Security weaknesses in bitcoin transaction sites Poloniex and Flexcoin were discovered by hackers, leading to a string of bitcoin thefts. The stolen bitcoins cost Poloniex users 12.3% of their bitcoins, and Flexcoin was forced to shut down its operations.
Flexcoin, who prides itself as the “world’s first bitcoin bank”, said that the hacker began their attack by creating a Flexcoin account and depositing bitcoins into it. The bitcoin bank said that the attacker exploited a flaw in the coding that allows funds to be transferred.
“By sending thousands of simultaneous requests, the attacker was able to ‘move’ coins from one user account to another until the sending account was overdrawn, before balances were updated. This was then repeated through multiple accounts, snowballing the amount, until the attacker withdrew the coins.”
The vulnerability was a flaw on Flexcoin’s end, but they do not account for the overdrawing. CTO of security firm Imperva, Amichai Shulman, says that these attacks reminded him of the struggles online banking went through 10 years ago. Shulman claims that having one vulnerability is excusable, but not monitoring operations to detect it is not.
In an email written by Tim Erlin, director of security risk strategy at security firm Tripwire, he writes:
“Without more details, it’s hard to say exactly how complex the condition was, but the fact that it required multiple active accounts and requests does make it less likely that they would have found this condition through basic testing.”
Erlin adds that the complexity of the hack isn’t what’s important. The fact remains that it was enough to put Flexcoin down and out.
The Poloniex bitcoin exchange announced on March 4th that a hack attack cost the company and its users 12.3% of their bitcoins. There is no information on whether or not the attack is related to the Flexcoin hack.
A Poloniex user by the name of ‘busoni’ claimed to be the exchange’s owner and wrote on the BitcoinTalk forum:
“The hacker discovered that if you place several withdrawals all in practically the same instant, they will get processed at more or less the same time. This will result in a negative balance, but valid insertions into the database, which then get picked up by the withdrawal daemon. The major problem here is that the auditing and security features were not explicitly looking for negative balances.”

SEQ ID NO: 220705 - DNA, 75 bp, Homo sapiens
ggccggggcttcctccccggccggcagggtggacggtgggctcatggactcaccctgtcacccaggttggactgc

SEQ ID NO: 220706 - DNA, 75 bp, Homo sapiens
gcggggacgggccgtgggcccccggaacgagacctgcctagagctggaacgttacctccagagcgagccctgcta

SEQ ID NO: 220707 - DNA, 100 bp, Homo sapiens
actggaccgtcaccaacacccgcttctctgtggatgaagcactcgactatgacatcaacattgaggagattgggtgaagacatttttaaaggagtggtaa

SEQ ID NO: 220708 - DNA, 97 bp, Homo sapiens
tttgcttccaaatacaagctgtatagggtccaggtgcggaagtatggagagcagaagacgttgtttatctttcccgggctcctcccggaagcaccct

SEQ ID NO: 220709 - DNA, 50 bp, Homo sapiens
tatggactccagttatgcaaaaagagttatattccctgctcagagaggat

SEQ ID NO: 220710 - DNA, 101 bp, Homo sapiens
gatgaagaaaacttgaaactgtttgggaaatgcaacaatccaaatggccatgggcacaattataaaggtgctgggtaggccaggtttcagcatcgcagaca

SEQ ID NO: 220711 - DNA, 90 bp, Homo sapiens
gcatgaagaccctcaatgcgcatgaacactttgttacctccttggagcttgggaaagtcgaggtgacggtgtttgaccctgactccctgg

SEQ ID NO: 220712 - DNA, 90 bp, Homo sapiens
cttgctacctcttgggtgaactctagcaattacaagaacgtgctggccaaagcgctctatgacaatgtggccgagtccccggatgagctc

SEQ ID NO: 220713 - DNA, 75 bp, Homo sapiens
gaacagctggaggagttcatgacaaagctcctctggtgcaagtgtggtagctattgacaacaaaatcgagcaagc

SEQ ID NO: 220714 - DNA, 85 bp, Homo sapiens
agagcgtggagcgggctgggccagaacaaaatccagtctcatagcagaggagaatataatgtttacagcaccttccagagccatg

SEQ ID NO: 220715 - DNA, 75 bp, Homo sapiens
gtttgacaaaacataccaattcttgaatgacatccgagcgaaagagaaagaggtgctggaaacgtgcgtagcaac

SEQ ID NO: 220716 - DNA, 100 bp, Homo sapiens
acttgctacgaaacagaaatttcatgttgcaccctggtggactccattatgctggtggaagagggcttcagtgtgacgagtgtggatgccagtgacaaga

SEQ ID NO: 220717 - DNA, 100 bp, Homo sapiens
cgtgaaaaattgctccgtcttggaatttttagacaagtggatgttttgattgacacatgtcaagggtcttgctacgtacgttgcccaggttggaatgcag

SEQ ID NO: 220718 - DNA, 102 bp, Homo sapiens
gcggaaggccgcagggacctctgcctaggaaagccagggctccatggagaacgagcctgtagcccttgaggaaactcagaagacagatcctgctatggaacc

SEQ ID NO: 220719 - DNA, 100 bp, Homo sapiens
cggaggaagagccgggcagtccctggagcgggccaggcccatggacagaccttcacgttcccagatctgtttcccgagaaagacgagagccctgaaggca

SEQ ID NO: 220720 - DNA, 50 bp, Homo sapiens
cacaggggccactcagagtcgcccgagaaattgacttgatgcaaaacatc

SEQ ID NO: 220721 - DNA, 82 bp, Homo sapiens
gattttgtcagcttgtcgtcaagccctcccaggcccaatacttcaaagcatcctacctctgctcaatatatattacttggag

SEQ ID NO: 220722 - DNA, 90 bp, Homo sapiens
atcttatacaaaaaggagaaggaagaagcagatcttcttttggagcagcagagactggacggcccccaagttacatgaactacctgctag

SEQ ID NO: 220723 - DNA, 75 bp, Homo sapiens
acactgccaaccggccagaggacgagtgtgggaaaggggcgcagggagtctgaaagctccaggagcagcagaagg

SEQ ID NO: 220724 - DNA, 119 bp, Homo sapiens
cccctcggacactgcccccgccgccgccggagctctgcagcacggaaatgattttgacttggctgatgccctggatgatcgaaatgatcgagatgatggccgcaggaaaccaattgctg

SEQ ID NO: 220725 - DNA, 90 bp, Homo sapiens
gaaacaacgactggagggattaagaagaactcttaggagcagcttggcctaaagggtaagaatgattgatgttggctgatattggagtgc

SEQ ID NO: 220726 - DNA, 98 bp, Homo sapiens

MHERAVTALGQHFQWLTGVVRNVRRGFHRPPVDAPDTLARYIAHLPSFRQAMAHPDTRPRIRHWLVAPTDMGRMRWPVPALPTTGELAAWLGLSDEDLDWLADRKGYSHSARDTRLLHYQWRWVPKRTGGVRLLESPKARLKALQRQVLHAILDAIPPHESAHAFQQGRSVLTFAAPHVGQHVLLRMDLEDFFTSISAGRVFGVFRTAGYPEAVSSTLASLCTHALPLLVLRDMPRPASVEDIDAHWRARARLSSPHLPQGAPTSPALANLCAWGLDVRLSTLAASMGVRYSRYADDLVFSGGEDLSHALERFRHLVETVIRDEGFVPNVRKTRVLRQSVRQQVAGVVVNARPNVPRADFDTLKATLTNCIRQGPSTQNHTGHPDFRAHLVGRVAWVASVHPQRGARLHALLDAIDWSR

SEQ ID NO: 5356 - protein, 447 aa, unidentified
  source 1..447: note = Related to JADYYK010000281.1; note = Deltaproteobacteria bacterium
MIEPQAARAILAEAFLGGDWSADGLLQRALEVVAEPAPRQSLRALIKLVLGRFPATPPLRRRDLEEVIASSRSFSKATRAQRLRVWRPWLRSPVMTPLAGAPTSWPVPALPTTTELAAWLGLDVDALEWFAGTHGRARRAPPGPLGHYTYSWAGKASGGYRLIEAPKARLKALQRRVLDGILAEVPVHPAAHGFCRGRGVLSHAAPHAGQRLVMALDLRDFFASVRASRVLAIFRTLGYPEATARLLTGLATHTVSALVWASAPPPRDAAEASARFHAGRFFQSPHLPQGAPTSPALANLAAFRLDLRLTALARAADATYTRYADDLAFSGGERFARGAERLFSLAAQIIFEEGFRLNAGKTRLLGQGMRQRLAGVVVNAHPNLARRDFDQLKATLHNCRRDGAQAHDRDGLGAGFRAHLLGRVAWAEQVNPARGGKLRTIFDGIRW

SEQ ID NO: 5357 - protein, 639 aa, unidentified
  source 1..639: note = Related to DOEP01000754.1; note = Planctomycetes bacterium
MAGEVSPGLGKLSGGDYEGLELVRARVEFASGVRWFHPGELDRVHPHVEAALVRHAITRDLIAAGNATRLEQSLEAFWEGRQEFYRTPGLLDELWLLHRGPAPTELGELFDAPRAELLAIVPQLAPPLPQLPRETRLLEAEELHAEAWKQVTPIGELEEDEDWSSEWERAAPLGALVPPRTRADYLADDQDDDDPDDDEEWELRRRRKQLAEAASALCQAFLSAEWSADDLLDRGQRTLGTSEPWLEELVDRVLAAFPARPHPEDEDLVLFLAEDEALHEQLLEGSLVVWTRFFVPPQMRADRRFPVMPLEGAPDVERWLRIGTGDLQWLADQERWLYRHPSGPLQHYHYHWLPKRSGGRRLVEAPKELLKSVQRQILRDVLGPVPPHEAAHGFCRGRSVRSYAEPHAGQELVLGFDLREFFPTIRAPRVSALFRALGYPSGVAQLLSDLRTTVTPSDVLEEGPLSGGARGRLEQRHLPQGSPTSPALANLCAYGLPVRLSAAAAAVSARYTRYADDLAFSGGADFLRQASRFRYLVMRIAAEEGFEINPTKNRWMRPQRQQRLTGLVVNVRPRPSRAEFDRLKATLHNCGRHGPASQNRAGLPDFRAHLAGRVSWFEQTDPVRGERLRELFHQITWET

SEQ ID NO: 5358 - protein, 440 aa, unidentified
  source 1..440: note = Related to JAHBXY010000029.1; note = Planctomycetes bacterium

All aspects of the site have to be constantly monitored in order to ensure a safer site. Both Poloniex and Flexcoin had to learn this lesson the hard way.
However, Poloniex was more fortunate than Flexcoin in that it detected the unusual activity and froze all transactions before the damage went too far beyond repair. For now, Poloniex has suspended all withdrawals until the issue gets resolved.
Busoni did not clarify exactly how much bitcoins added up to from the stolen 12.3%. He does plan on not charging transaction fees from users and even using some of his own money to make up for the lost coins. He added:
“If I had the money to cover the entire debt right now, I would cover it in a heartbeat. I simply don’t, and I can’t just pull it out of thin air.”
‘Tower of Cards’ Effect
“We see ‘financial’ organizations related to bitcoin collapsing like a tower of cards.”
He explains that the inability for institutions like Poloniex and Flexcoin to recover pails in comparison to mature financial markets. Shulman feels there are benefits to centralization, and that bitcoin should have a reliable structure as government issued currencies do.
Erlin says bitcoin has been proven to be a solid currency since people want it bad enough to steal it. As flattering as that is, if bitcoin continues to be stolen, the digital currency industry will be ruined.